Iowa churches are required to base bathroom use upon gender identity, not biological sex, and could be barred from making statements that make a transgender person feel unwelcome, unless services are closed to the public, the Iowa Civil Rights Commission has stated.
The Alliance Defending Freedom filed a federal lawsuit on Monday against members of the Iowa Civil Rights Commission in order to stop censorship of sermons on sexuality and marriage ethics. ADF Senior Counsel and Director for Center for Christian Ministries Erik Stanley told the Christian Post that the the government "is acting unconstitutionally in attempting to apply the Civil Rights Act against churches."
Advocating on behalf of Fort Des Moines Church of Christ, the ADF complaint argues that the church should not be mandated to communicate messages it objects to nor should it be forced to open their restrooms, locker rooms and shower facilities to members the opposite sex. In an email statement to CP, Stanley continued that the Iowa "exemption for religious institutions is unconstitutionally vague."
"The Civil Rights Commission, an unelected body, has the power to decide what falls within the exemption and what does not. And by putting out the brochure, the Commission has obviously interpreted that the exemption does not apply to 'church services open to the public.' The Commission interprets the Civil Rights Act to apply to distinctly religious things a church does. That's unconstitutional," Stanley said.
The ICRC's online brochure states that due to the expansion of the Iowa Civil Rights Act, it is illegal to discriminate based on sexual orientation and gender identity. This means businesses must allow bathroom use to be based upon gender identity, not biological sex.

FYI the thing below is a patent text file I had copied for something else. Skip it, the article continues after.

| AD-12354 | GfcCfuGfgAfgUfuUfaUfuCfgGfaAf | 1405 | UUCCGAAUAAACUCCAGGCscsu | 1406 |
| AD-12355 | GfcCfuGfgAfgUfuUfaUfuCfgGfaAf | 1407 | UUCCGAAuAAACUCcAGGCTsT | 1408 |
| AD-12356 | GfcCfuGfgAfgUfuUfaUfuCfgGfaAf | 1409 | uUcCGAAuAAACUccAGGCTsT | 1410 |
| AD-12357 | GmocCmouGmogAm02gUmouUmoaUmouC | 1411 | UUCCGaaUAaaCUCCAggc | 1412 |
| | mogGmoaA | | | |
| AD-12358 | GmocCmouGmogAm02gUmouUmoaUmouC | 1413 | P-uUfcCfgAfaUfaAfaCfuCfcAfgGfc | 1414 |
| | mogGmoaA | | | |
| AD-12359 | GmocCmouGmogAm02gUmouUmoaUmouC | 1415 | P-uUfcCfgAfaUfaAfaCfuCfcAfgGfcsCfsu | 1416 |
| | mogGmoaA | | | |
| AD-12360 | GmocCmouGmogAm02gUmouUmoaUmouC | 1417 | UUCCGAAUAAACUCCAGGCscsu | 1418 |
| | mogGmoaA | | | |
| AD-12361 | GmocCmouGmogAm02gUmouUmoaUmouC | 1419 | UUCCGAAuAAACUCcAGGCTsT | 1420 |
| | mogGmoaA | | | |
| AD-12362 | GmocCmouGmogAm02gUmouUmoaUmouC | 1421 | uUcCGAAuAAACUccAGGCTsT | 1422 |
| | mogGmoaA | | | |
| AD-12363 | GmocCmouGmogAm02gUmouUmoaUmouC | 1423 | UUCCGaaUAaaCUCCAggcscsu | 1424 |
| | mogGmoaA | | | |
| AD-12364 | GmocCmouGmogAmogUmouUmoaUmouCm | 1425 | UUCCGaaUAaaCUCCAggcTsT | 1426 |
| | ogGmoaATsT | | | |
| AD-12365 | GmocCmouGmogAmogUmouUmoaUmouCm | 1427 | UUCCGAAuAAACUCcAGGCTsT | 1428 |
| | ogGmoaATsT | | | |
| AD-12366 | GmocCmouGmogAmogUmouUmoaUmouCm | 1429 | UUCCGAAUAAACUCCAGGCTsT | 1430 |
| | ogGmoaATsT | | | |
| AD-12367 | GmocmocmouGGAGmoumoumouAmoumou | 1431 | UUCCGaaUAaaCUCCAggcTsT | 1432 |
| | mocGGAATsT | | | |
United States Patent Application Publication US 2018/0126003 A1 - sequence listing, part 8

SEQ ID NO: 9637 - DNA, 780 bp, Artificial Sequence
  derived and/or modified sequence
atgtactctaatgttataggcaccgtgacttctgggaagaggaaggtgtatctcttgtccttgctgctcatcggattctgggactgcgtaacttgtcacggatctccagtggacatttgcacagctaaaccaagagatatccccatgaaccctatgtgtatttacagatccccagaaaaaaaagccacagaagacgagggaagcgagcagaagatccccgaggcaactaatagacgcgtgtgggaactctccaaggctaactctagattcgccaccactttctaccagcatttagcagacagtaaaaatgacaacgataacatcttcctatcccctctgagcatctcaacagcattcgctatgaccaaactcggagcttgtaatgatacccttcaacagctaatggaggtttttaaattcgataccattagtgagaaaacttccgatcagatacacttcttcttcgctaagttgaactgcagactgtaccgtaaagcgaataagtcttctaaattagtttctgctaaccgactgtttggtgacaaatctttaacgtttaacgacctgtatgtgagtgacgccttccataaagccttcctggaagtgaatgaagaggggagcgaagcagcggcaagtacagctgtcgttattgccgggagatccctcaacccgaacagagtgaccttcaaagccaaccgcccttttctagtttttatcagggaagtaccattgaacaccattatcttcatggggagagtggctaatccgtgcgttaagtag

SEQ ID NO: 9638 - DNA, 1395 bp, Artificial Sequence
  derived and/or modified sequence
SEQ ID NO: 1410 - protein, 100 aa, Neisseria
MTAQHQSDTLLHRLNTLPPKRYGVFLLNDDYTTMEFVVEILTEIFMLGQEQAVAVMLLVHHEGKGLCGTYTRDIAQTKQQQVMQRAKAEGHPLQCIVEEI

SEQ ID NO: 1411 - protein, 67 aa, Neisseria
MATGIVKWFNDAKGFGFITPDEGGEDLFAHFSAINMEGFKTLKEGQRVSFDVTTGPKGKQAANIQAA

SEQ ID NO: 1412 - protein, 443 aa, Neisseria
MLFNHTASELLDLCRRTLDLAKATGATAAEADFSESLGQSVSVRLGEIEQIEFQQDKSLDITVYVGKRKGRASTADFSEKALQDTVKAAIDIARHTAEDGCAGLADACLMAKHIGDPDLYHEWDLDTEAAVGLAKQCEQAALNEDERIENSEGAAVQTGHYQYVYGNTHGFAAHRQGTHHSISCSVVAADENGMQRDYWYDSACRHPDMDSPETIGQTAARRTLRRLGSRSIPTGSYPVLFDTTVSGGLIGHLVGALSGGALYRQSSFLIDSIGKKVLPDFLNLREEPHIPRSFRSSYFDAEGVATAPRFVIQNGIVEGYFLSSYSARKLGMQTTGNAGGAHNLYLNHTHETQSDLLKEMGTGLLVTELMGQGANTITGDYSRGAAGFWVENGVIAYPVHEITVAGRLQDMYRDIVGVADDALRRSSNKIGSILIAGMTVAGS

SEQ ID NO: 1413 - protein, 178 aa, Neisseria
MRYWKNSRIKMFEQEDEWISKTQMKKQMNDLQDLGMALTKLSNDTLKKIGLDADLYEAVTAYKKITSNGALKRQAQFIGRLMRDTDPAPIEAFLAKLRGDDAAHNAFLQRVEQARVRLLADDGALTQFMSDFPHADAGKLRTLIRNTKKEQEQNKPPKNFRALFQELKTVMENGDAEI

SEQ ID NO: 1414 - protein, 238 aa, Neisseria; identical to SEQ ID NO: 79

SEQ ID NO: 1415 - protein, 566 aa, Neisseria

The Iowa Civil Rights Commission is contending that a the statute prohibits churches from teaching biblical sexual ethics if it would "directly or indirectly" cause people of any particular gender identity to feel "unwelcome" in conjunction with any service, event, or other religious activity. The ban, the ADF attorneys argue, can be employed to bind churches from making any public statements on the subject, even from the pulpit.
Included in these brochure guidelines is a Q&A section entitled "Does this Law Apply to Churches?" to which the Commission answers: "Sometimes."
"Iowa law provides that these protections do not apply to religious institutions with respect to any religion-based qualifications when such qualifications are related to a bona fide religious purpose. Where qualifications are not related to a bona fide religious purpose, churches are still subject to the law's provisions. (e.g. a child care facility operated at a church or a church service open to the public)," the guidelines read.
According to an ADF press release, legal counsel Christiana Holcomb said that "churches should be free to teach their religious beliefs and operate their houses of worship according to their faith without being threatened by the government. That is a foundational First Amendment principle."
"Churches have always been protected from government intrusion, and they still are. They have a firmly established freedom to teach their beliefs and set internal policies that reflect their biblical teachings about marriage and human sexuality. One can hardly imagine a more obvious unconstitutional invasion of the state into the internal affairs of the church," she continued.
In a July 5th National Review post, writer David French, a former ADF attorney himself, noted that it was not so long ago that when Christian concern that the government would soon be regulating the affairs of churches was dismissed as absurd paranoia, but now that very thing taking shape.
"Under current guidance, churches in Iowa must become 'members only' to exercise their religious liberty. It's tough to imagine this guidance surviving even liberal judicial review, but even if struck down it shows where some on the Left want to take the law," French said.